CHICAGO (AP) — All four Republican candidates for Illinois governor said fixing the state's economic woes would be among their top priorities if they win — an issue they'll be trying to distinguish themselves on in a state that's home to one of the nation's highest unemployment rates and a multibillion-dollar backlog of overdue bills.
In response to a campaign questionnaire from The Associated Press, the four contenders — state Sens. Bill Brady and Kirk Dillard, state Treasurer Dan Rutherford and Winnetka businessman Bruce Rauner — cited the need to cut spending, lower taxes, get people back to work by creating a more business-friendly climate — and "all of the above." While offering only a few specifics, the four will no doubt be pressed on the issue in a series of upcoming debates leading up to the March 18 primary.
"Jobs. Jobs. And Jobs," wrote Rutherford, of Chenoa, a former vice president for ServiceMaster Co., in response to an AP question asking for each candidate's top three priorities if elected. "Illinois government finances are dire and our state is universally considered unfriendly to business. Building an environment that job creators are seeking and putting people back to work will help solve a lot of Illinois' financial and social ailments."
Those ailments include an unemployment rate of 8.7 percent as of November, the most recent date for which numbers are available. It was the third straight month that the rate dropped, but it was still above the national unemployment of 7 percent for the same month.
Lawmakers took steps last month to fix another massive fiscal problem, approving a plan supporters say will eliminate Illinois' $100 billion unfunded pension liability over 30 years. But the state isn't counting on any of those savings for at least another year — and it's possible the courts could find the new law unconstitutional and throw it out.
Meanwhile, a temporary income tax increase approved by Democrats in 2011 is set to be rolled back on Jan. 1, 2015. The Governor's Office of Management and Budget recently projected a loss of about $2 billion in revenue during the fiscal year that begins July 1 if that rollback occurs.
Brady, who has real estate development interests around his hometown of Bloomington, said the long-term solution to Illinois' problems is to "create an environment that fosters new investments and new jobs in the private sector."
"That environment includes eliminating needless government regulations, reducing the tax burden and working to further refine our workers compensation and tort systems," wrote the party's 2010 nominee. He said his second priority would make the "difficult decisions" to balance the budget without extending the temporary income tax hike.
"There is not an area of state government that can't do more with less," Brady said.
The candidates' answers didn't focus solely on the state's bleak economy.
Dillard, a lawyer from Hinsdale, called for reforming the budget and reducing taxes. But he also listed ethics reform in his top three, saying "pay-to-play" politics must end and noting that Illinois' widely publicized history of corruption also hurts the state's bottom line.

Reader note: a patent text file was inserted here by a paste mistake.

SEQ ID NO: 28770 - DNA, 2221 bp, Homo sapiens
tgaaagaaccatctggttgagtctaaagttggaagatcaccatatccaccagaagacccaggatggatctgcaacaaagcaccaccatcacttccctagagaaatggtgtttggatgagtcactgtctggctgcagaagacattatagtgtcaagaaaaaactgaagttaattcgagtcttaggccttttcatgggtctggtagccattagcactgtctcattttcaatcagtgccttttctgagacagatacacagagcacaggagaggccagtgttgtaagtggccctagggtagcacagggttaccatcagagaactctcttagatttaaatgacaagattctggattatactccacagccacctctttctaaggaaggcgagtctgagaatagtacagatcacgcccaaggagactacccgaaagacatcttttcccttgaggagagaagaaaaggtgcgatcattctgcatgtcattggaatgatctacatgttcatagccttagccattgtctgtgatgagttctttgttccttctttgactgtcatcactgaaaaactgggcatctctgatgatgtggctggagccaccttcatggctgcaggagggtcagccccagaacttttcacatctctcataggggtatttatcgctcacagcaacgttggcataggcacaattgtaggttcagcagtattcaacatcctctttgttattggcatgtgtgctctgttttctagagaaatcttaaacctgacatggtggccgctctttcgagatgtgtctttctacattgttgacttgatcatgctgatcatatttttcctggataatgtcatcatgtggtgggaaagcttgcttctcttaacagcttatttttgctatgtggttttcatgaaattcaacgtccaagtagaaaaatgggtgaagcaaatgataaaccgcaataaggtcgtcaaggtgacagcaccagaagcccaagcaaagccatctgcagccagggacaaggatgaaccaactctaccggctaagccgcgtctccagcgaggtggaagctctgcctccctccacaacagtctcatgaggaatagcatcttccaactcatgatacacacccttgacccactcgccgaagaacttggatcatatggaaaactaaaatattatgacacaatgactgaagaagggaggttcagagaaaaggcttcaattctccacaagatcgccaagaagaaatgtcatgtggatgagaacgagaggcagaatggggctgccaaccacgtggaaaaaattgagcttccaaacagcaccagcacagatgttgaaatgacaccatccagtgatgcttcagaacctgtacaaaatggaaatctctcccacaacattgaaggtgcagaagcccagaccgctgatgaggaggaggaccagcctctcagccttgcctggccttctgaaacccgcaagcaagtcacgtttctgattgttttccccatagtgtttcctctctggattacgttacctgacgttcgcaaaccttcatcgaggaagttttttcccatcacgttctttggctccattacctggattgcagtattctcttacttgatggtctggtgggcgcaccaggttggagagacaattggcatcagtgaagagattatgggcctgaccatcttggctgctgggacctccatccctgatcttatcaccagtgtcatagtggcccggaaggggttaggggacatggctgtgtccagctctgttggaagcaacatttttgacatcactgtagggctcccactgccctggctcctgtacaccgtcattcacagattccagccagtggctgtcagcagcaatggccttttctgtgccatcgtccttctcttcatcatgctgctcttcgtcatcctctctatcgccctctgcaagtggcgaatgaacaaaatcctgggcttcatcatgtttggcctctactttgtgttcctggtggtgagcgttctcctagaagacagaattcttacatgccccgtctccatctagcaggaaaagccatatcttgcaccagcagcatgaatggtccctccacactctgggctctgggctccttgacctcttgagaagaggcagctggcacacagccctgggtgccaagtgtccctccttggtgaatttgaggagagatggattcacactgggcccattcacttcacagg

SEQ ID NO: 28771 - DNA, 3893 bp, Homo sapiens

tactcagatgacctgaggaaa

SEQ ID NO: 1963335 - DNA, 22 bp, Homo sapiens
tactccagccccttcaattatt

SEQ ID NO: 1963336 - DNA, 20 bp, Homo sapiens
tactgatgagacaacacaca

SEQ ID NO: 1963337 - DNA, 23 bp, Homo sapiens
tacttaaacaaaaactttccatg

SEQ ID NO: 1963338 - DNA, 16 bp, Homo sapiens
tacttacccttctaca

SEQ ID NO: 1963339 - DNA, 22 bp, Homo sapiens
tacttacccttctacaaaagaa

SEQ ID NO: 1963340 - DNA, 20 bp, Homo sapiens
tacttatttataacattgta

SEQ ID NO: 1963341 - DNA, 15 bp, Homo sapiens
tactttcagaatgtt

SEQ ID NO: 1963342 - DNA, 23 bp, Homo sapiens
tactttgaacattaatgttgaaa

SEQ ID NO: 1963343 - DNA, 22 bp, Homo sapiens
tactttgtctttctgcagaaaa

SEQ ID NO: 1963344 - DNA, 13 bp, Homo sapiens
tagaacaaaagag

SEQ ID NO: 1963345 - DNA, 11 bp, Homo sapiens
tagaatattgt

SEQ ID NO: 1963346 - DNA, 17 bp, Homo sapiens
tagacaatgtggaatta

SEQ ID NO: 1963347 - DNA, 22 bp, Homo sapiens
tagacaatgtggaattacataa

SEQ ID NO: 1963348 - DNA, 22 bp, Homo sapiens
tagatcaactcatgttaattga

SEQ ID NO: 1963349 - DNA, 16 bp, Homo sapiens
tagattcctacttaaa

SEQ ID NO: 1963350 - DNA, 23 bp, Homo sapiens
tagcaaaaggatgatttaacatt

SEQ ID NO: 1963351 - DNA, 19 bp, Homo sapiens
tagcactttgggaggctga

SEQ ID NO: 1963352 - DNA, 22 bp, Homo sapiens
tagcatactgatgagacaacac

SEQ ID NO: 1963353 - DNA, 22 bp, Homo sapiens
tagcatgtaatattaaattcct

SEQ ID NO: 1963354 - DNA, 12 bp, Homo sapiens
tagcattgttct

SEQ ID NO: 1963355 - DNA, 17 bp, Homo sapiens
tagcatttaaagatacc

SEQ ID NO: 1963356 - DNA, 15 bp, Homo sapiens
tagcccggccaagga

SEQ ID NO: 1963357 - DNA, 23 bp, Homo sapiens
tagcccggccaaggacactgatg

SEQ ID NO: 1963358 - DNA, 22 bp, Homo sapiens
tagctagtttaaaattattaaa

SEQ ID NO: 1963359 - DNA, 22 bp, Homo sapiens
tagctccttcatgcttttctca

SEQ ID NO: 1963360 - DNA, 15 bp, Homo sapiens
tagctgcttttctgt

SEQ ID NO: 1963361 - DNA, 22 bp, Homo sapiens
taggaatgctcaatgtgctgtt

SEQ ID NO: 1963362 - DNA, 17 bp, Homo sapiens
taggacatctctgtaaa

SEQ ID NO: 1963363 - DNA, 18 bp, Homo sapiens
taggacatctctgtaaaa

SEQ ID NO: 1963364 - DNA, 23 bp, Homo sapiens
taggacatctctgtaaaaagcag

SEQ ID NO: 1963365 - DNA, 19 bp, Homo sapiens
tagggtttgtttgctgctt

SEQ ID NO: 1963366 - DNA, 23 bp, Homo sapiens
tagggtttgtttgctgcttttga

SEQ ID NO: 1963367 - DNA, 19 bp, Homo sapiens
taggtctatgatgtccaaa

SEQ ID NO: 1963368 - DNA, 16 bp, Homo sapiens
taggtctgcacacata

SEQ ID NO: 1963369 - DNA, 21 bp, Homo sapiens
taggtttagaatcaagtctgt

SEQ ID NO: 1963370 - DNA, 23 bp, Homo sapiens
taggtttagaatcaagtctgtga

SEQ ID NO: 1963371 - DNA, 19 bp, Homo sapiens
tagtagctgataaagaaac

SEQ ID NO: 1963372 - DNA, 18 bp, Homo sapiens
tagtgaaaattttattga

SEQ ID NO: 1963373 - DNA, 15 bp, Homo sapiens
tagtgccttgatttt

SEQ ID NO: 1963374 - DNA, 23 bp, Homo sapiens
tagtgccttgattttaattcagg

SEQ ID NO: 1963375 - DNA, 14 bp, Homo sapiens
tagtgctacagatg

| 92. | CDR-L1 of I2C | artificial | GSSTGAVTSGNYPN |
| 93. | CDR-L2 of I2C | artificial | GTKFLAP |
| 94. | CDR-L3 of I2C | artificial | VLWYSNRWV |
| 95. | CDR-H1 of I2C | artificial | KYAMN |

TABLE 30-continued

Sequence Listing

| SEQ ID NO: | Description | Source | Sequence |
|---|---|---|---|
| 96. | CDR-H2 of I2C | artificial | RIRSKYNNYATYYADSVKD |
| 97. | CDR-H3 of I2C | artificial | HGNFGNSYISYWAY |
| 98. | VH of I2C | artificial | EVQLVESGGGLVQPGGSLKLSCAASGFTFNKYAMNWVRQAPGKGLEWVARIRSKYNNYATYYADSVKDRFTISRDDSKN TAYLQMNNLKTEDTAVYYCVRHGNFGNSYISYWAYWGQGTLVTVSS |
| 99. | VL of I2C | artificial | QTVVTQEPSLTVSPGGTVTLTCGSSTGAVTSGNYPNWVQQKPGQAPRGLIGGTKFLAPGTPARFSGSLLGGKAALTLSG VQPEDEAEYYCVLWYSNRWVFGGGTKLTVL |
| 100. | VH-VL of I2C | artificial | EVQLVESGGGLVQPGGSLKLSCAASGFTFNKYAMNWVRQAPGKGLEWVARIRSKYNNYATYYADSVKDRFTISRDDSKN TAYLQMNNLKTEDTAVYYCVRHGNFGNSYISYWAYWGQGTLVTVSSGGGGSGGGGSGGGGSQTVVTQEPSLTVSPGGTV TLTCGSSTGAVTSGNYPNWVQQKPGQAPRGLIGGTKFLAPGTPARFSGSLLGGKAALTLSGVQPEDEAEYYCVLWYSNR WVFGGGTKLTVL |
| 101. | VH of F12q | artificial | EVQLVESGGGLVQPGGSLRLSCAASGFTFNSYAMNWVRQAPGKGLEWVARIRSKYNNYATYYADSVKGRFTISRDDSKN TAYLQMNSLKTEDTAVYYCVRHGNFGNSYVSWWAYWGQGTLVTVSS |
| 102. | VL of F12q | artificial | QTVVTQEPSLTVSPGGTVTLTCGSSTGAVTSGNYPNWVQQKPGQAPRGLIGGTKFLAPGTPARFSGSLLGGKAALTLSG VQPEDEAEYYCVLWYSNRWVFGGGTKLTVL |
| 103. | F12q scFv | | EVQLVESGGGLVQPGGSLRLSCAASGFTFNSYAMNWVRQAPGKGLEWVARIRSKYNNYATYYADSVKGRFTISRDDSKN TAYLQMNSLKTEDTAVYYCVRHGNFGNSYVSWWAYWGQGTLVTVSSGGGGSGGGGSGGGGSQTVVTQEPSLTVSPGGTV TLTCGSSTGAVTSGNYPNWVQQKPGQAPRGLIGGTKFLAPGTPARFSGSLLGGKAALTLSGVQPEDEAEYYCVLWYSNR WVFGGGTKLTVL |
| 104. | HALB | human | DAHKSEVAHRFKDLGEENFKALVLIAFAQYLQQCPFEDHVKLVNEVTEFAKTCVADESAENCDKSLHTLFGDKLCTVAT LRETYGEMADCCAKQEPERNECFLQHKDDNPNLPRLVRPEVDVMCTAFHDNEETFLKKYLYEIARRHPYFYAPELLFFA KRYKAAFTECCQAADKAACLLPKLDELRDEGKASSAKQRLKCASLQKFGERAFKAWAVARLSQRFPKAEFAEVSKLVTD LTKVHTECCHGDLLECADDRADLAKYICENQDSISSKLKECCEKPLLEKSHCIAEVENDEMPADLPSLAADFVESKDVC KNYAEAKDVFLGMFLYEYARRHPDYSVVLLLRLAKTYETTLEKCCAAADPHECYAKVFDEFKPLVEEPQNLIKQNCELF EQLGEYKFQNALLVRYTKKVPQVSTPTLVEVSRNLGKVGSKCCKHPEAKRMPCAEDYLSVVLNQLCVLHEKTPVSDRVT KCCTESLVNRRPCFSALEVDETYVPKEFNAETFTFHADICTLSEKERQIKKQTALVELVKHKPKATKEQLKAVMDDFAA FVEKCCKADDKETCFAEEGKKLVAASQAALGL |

"Corruption is creating a negative for Illinois that affects our ability to attract and retain businesses to create jobs," he wrote.
Dillard said he would create an "Office of the Repealer," whose purpose would be to repeal and eliminate unnecessary laws, taxes, fees and rules.
Rauner, a wealthy venture capitalist from Winnetka and the only GOP candidate who has never held public office, said his goal was to "create a booming economy with more good paying jobs." But he also mentioned his push to establish term limits in Illinois — an effort he said is the only way to end corruption. He is leading a group that's trying to put a measure on the November ballot to limit lawmakers' terms to eight years, among other legislative changes.
"We need to drive results for taxpayers. Illinois has never spent more, but we have never received less in return," Rauner said.
A longtime supporter of charter schools, Rauner also listed "dramatically improve education" among his priorities.
In the Democratic primary, Gov. Pat Quinn faces Tio Hardiman, an anti-violence activist from Hillside. Quinn declined to participate in the AP's candidate questionnaires, but indicated in a year-end interview with the AP that he saw the economy playing a central role in the intensifying campaign, which he characterized as a "clash of values." He is pushing for a hike in the state's minimum wage, a proposal Rauner said he could support only along with other economic reforms, and which the other three GOP candidates oppose.
"I'm not going to let the clock get turned back by a bunch of folks who have views that I think are extreme and do not reflect the common good of Illinois," Quinn said. "We're not turning Illinois into Potterville. ... We believe in a Bedford Falls where you take care of your neighbor and you have community."
Hardiman said his top priority would be resolving the state's pension crisis, saying the current plan to cut the unfunded liability over 30 years is "ridiculous" because "nobody will be around in 30 years to be held accountable for another failed policy." He also said he wants to reduce violence statewide and better fund education.
AP reporter Sophia Tareen contributed.
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